The GLP is committed to full transparency. Download and review our Annual Report.

Is knowing what’s in your genome always a good thing?

| | September 14, 2015

The GLP aggregated and excerpted this blog/article to reflect the diversity of news, opinion and analysis. 

Recently, a panel of genetics experts did something surprising: they put out a list of genetic tests people should not get.

In the age of precision medicine, the genome is our oyster. There are cancer wonder drugs that pinpoint the errant genes that drive tumors. There are longstanding medical mysteries finally being unraveled by DNA sequencing. There is tremendous excitement over the coming age of treatments tailored to you. And there is also this: a very long list of genes for which the best medical understanding of what they mean for our health is essentially a shrug.

The poster child for the uncertainty underlying much of the information in this brave new world is a gene called MTHFR. It produces an important enzyme, but many medical geneticists simply sigh when they hear the gene’s clumsy acronym name.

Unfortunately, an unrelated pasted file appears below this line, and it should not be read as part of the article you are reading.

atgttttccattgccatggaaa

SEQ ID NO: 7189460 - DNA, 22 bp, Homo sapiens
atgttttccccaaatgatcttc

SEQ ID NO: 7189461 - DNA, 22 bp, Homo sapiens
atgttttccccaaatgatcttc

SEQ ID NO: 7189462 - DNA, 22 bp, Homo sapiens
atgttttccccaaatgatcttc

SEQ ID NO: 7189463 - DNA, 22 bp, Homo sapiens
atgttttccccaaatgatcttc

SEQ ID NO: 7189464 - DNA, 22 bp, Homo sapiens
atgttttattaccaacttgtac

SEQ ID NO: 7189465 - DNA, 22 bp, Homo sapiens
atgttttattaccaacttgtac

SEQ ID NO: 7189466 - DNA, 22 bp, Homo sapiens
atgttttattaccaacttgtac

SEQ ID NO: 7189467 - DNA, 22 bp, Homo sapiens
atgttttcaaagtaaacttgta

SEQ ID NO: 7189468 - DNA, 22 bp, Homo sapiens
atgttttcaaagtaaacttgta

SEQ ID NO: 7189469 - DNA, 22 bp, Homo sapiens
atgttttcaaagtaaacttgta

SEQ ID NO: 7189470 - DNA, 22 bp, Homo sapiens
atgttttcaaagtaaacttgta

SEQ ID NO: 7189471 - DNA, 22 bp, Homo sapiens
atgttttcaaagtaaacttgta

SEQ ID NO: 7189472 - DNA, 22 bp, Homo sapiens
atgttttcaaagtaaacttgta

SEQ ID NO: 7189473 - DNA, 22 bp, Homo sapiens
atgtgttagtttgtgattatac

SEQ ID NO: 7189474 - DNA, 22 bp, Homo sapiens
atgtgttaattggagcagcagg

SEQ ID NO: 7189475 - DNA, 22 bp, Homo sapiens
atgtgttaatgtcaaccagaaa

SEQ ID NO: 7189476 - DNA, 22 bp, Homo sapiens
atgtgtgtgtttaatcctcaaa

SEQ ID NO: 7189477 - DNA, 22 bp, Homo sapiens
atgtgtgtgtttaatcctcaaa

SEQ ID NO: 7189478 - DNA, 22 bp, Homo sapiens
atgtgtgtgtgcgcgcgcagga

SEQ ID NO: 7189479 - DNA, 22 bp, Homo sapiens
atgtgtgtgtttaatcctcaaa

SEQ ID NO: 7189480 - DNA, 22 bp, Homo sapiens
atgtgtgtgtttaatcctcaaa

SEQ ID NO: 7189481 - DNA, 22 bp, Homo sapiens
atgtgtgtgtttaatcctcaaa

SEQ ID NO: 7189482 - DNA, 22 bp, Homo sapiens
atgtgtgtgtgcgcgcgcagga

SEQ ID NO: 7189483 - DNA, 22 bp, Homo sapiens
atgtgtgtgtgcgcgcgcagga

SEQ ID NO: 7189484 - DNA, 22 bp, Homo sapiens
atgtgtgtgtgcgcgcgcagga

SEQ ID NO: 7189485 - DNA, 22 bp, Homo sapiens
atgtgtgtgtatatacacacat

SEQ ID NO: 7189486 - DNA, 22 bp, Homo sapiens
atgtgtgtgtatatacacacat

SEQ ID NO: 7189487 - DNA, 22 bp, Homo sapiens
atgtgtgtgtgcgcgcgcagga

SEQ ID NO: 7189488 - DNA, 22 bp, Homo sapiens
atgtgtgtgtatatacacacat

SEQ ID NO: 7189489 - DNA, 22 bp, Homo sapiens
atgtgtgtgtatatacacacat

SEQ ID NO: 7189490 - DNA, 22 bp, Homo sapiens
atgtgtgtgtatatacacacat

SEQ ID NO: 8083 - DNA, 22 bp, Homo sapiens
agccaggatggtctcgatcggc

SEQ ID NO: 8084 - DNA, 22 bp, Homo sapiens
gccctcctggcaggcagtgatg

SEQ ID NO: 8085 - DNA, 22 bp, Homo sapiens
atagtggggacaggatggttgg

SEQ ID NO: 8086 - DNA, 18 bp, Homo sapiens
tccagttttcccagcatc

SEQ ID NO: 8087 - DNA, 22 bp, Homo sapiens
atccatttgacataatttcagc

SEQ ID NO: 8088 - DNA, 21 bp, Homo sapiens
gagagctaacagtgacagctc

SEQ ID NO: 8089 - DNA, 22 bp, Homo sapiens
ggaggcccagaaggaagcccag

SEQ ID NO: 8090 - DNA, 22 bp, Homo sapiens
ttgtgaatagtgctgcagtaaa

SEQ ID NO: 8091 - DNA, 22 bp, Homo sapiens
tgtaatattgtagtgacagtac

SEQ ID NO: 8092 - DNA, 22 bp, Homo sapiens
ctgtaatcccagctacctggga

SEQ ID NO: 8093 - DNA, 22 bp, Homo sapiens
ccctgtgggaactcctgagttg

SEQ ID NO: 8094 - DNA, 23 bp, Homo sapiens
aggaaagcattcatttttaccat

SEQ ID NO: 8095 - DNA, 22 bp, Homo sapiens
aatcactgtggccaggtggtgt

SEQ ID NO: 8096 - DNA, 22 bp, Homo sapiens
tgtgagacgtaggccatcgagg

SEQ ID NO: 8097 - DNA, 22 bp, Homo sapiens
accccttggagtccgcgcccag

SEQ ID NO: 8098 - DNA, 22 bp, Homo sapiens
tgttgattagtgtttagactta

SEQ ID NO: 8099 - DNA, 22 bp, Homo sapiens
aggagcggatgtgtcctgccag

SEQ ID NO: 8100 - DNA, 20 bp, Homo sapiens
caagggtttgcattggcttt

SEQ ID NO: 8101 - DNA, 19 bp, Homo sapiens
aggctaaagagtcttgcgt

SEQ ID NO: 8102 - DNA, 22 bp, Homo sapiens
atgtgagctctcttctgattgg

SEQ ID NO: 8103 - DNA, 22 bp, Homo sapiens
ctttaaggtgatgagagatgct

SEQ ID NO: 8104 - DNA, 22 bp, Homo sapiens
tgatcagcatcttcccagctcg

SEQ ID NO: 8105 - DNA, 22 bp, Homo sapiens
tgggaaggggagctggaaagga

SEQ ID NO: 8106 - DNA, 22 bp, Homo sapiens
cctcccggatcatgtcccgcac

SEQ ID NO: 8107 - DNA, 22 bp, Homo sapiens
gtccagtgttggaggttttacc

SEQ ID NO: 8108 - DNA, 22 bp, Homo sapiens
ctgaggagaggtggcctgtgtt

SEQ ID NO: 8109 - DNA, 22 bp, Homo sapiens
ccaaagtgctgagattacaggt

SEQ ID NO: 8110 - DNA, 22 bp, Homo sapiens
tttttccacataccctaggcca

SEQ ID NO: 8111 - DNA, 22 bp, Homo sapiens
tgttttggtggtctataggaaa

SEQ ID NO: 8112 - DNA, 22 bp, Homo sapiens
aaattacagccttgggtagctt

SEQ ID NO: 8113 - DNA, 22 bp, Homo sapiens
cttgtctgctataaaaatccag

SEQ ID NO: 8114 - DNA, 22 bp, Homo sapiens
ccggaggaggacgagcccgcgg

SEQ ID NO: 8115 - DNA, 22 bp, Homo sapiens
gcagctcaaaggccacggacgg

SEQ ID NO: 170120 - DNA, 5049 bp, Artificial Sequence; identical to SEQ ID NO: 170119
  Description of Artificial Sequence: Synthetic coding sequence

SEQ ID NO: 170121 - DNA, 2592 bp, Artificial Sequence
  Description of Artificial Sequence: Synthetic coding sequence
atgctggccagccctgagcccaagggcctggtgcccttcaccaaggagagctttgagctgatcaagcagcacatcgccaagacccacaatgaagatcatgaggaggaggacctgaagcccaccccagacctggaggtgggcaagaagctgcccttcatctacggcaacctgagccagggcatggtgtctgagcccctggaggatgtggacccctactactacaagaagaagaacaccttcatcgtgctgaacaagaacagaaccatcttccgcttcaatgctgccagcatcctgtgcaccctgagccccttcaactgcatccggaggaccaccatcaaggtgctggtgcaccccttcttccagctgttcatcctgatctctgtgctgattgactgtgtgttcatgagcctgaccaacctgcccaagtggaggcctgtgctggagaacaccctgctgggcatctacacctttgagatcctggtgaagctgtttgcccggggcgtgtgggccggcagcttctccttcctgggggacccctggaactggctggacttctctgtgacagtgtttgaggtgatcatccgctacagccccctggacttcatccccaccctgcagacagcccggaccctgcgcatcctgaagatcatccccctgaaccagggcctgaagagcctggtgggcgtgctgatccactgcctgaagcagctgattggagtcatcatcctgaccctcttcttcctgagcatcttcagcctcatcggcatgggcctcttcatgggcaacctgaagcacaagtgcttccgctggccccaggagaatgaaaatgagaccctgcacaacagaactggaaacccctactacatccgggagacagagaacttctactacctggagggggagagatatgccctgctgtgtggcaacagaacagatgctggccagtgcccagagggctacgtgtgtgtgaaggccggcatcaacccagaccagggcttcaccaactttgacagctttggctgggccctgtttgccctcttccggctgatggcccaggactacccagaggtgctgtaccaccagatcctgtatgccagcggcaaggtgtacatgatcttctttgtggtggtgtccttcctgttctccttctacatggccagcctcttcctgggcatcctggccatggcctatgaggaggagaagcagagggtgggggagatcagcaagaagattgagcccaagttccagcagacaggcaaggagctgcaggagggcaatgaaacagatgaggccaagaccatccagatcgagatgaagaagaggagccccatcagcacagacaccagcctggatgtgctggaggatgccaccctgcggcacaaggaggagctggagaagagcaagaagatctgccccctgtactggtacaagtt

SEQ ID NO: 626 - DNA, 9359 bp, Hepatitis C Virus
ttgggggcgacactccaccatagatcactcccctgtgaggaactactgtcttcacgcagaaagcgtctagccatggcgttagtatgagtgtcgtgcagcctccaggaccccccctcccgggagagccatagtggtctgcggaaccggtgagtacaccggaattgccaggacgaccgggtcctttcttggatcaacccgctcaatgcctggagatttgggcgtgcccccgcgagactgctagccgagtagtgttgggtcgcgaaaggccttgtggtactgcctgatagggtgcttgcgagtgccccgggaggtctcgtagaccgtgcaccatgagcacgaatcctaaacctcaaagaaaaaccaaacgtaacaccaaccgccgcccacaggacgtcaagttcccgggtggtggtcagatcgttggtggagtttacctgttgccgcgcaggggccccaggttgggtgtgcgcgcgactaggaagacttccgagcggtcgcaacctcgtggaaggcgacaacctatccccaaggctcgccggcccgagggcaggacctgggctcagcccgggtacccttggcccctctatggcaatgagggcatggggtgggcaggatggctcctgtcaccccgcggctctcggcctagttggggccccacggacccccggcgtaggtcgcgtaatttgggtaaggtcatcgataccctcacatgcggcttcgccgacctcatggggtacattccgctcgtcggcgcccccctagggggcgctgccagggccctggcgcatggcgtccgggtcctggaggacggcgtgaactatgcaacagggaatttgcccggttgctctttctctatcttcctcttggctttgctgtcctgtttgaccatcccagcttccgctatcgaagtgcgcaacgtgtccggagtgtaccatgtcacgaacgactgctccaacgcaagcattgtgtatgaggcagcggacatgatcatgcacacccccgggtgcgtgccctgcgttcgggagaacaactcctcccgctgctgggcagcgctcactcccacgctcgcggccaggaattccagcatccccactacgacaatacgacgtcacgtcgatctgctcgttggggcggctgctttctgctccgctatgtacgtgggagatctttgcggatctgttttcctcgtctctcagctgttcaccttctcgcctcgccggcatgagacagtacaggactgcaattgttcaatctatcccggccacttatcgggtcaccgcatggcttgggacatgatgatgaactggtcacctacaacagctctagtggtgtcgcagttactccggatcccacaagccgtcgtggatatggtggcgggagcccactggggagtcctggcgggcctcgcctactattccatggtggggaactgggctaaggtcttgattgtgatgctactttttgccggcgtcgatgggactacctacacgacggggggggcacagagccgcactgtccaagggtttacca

This gene has made its way on to the do-not-test list more than once, because in almost no cases do the tests have any medical utility. Meanwhile, alternative medicine practitioners and Web sites have stepped up their claims that many people — perhaps anyone with a family history of any disease at all — should have the gene tested, because the information will help make them healthier.

Here is the under-appreciated corollary to the new age of personalized medicine: just because you can do a genetic test, doesn’t mean you should.

Read full, original post: Why you shouldn’t know too much about your own genes

The GLP aggregated and excerpted this article to reflect the diversity of news, opinion, and analysis. Click the link above to read the full, original article.
News on human & agricultural genetics and biotechnology delivered to your inbox.
Optional. Mail on special occasions.

Send this to a friend